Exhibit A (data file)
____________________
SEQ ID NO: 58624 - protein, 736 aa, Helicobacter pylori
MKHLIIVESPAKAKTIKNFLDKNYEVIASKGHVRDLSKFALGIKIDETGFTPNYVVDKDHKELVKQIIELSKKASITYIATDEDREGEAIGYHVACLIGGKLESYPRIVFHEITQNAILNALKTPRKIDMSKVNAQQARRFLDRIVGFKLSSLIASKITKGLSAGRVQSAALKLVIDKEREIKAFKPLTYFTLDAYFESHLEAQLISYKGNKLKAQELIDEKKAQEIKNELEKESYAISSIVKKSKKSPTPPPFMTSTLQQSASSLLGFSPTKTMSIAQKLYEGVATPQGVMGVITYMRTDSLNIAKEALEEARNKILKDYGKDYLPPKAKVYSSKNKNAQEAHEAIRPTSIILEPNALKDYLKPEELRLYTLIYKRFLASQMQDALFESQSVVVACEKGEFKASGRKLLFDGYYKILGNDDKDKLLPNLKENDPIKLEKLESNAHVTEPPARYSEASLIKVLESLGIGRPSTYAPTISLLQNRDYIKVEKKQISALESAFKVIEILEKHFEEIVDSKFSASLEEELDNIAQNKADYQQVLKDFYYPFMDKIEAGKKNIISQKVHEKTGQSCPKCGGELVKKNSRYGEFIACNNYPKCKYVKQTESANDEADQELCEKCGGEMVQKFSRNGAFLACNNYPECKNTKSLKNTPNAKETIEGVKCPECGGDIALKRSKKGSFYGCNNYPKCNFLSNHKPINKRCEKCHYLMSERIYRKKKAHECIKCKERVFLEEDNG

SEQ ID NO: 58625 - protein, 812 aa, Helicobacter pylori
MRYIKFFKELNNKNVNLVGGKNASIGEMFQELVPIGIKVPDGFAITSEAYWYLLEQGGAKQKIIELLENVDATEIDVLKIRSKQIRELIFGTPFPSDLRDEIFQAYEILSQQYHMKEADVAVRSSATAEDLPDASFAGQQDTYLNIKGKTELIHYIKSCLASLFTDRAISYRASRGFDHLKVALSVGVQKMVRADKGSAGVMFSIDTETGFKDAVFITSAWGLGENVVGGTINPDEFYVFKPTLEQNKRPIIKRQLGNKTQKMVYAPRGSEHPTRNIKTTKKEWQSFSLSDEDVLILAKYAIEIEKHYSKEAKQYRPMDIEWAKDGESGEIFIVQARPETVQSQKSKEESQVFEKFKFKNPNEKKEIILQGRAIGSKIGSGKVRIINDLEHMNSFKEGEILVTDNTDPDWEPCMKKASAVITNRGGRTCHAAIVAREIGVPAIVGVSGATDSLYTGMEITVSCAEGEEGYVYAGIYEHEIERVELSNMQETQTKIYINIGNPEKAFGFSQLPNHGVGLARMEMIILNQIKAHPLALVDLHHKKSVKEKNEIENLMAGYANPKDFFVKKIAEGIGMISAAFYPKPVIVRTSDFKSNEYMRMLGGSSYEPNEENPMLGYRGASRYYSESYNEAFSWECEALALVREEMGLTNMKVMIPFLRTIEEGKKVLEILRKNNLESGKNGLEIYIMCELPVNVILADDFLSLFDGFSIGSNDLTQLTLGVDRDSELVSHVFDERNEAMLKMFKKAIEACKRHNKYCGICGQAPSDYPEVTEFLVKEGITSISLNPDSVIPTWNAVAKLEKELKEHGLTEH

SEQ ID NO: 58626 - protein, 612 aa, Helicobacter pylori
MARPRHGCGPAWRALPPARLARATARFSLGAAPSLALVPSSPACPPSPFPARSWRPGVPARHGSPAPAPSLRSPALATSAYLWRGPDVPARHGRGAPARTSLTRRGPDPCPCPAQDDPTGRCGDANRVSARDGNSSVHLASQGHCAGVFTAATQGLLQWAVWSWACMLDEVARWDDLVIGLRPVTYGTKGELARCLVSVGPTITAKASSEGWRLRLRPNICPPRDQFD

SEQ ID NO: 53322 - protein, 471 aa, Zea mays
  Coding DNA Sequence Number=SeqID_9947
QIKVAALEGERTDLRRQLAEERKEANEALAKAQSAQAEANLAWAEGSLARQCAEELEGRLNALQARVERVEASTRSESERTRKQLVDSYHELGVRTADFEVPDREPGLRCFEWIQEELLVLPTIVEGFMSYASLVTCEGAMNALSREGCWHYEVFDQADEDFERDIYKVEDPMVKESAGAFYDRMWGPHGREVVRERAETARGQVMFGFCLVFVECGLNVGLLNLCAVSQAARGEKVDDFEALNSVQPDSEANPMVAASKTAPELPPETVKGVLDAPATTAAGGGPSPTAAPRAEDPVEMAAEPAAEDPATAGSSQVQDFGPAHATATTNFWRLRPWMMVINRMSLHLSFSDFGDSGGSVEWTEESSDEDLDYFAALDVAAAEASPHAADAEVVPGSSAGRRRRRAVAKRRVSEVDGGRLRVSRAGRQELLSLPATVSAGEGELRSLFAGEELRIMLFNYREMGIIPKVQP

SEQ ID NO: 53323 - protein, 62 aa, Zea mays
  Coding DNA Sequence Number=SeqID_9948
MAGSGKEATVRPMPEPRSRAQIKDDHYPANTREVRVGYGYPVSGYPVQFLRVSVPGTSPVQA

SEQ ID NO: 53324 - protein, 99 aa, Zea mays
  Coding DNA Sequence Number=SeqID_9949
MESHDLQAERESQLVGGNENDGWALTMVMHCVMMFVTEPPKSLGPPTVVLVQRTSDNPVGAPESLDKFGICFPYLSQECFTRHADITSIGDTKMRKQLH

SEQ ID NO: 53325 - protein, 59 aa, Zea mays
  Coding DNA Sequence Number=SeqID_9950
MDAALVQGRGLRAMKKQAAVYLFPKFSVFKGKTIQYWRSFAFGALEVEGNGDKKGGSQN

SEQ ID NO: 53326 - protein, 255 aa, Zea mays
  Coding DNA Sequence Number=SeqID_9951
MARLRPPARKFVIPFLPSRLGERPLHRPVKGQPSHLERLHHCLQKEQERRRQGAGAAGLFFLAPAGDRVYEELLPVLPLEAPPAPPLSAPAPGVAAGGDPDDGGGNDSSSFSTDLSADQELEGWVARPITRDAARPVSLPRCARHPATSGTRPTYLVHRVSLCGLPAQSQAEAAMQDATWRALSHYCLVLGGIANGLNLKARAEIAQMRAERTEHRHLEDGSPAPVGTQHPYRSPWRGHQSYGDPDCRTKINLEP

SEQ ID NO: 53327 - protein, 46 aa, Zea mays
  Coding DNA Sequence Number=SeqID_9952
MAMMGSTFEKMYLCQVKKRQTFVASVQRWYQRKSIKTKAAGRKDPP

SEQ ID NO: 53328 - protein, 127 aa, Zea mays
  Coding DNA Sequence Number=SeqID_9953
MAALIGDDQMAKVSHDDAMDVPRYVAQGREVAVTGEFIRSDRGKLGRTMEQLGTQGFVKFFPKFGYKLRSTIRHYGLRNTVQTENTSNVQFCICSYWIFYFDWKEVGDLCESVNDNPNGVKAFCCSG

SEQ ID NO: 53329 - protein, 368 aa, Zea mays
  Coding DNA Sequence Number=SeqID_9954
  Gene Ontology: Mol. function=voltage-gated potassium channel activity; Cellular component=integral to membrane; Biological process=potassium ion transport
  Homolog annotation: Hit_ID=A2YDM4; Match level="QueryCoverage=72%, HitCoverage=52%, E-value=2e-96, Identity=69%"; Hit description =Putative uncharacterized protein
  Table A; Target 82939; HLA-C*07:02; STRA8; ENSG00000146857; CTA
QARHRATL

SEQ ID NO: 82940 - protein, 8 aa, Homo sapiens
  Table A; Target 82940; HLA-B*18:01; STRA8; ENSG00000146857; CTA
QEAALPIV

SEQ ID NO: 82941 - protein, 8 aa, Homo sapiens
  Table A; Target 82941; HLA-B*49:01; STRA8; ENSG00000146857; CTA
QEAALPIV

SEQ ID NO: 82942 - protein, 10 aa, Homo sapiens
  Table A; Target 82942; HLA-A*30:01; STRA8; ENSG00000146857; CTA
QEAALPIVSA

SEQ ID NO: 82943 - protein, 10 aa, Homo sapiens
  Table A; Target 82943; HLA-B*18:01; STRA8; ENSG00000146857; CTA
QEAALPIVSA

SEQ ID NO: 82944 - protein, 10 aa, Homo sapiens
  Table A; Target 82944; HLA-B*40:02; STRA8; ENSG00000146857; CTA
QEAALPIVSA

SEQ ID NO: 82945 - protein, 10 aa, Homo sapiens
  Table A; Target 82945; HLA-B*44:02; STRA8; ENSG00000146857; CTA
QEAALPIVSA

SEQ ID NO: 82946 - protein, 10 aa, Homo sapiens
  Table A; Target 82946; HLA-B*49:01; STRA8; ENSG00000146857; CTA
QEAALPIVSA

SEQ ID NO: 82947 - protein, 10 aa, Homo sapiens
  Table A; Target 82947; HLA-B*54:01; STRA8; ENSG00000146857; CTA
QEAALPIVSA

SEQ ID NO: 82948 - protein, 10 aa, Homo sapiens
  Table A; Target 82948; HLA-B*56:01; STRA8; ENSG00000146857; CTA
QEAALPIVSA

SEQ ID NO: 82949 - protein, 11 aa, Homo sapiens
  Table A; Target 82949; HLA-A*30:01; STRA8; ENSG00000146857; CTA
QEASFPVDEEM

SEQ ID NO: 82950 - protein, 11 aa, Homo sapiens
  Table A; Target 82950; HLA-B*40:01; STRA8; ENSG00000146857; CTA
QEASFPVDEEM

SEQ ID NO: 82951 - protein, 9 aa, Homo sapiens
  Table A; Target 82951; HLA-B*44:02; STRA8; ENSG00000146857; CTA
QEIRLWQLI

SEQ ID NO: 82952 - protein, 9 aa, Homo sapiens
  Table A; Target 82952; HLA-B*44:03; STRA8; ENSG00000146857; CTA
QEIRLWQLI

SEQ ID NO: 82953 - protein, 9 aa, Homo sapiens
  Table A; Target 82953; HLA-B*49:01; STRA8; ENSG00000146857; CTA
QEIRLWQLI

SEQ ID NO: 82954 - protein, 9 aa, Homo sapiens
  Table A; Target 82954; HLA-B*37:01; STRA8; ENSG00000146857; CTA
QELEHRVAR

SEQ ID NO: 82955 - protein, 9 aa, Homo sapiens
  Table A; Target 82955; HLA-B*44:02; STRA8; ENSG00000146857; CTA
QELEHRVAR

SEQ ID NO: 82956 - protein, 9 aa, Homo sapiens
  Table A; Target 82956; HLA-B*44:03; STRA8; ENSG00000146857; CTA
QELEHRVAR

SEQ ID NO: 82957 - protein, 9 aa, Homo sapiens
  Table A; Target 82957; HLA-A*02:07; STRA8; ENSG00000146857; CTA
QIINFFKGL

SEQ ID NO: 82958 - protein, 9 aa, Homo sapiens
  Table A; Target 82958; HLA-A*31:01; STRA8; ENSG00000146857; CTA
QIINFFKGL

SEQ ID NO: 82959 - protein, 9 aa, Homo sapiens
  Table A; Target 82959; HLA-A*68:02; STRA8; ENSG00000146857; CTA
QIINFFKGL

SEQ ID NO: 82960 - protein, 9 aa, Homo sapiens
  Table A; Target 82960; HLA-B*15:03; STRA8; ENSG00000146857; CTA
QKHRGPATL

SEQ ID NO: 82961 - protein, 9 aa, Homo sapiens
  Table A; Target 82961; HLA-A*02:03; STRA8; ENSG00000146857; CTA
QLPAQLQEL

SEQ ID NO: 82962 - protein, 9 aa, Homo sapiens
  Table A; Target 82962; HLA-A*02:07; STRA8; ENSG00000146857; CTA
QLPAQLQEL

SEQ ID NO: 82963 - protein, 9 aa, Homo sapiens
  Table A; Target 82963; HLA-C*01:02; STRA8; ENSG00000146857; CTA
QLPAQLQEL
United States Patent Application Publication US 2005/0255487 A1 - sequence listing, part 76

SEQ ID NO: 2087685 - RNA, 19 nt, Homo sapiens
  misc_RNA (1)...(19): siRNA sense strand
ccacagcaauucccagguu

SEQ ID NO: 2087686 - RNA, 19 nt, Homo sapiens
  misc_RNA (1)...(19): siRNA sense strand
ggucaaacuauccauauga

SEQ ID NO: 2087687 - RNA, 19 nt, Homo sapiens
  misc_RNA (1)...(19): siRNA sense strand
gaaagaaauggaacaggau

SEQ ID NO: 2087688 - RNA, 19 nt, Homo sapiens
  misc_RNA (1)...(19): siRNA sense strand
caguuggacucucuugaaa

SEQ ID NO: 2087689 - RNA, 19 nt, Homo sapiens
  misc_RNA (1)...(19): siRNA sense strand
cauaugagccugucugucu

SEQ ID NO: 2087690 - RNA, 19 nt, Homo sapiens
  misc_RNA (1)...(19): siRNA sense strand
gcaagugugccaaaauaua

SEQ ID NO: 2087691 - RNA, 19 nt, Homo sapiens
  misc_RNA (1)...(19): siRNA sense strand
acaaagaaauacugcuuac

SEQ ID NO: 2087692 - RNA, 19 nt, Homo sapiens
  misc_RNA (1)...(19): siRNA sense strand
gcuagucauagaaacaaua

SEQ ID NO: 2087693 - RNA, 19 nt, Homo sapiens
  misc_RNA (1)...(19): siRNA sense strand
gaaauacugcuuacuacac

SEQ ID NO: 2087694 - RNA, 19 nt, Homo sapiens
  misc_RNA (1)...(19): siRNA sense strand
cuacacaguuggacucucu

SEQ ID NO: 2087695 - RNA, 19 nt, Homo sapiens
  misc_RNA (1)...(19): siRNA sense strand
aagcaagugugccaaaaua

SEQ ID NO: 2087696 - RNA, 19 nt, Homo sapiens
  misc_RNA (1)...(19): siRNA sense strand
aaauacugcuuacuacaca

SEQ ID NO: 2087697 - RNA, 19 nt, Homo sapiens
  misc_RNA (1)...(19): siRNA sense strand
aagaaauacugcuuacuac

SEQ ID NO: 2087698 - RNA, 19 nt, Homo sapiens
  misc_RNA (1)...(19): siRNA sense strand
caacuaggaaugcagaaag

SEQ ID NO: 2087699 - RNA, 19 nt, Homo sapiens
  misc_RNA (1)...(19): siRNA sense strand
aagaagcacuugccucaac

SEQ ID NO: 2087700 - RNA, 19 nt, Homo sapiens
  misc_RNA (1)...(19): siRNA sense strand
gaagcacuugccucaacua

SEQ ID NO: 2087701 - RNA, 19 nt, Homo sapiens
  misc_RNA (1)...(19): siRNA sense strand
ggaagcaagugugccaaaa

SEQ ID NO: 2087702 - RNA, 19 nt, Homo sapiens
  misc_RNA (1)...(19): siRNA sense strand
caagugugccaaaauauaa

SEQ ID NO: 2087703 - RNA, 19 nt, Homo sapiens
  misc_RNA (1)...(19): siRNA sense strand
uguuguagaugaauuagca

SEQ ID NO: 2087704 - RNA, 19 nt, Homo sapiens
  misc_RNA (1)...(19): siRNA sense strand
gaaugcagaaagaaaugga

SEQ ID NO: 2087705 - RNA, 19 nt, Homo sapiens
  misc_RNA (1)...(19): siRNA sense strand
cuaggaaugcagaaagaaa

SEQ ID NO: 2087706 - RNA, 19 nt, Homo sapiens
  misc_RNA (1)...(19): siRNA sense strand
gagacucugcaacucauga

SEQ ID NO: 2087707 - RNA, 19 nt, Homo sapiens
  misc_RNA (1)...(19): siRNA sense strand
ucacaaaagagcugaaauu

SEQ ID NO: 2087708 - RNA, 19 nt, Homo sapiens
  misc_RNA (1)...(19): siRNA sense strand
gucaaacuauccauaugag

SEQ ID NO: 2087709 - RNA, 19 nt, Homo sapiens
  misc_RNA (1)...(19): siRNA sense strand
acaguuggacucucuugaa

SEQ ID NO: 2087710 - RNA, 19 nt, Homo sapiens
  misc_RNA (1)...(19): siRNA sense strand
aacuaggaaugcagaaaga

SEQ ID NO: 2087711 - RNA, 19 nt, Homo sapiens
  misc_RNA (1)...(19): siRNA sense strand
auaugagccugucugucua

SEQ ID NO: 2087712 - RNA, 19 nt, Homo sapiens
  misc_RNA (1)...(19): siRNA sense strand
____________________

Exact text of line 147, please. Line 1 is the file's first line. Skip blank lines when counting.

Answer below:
  misc_RNA (1)...(19): siRNA sense strand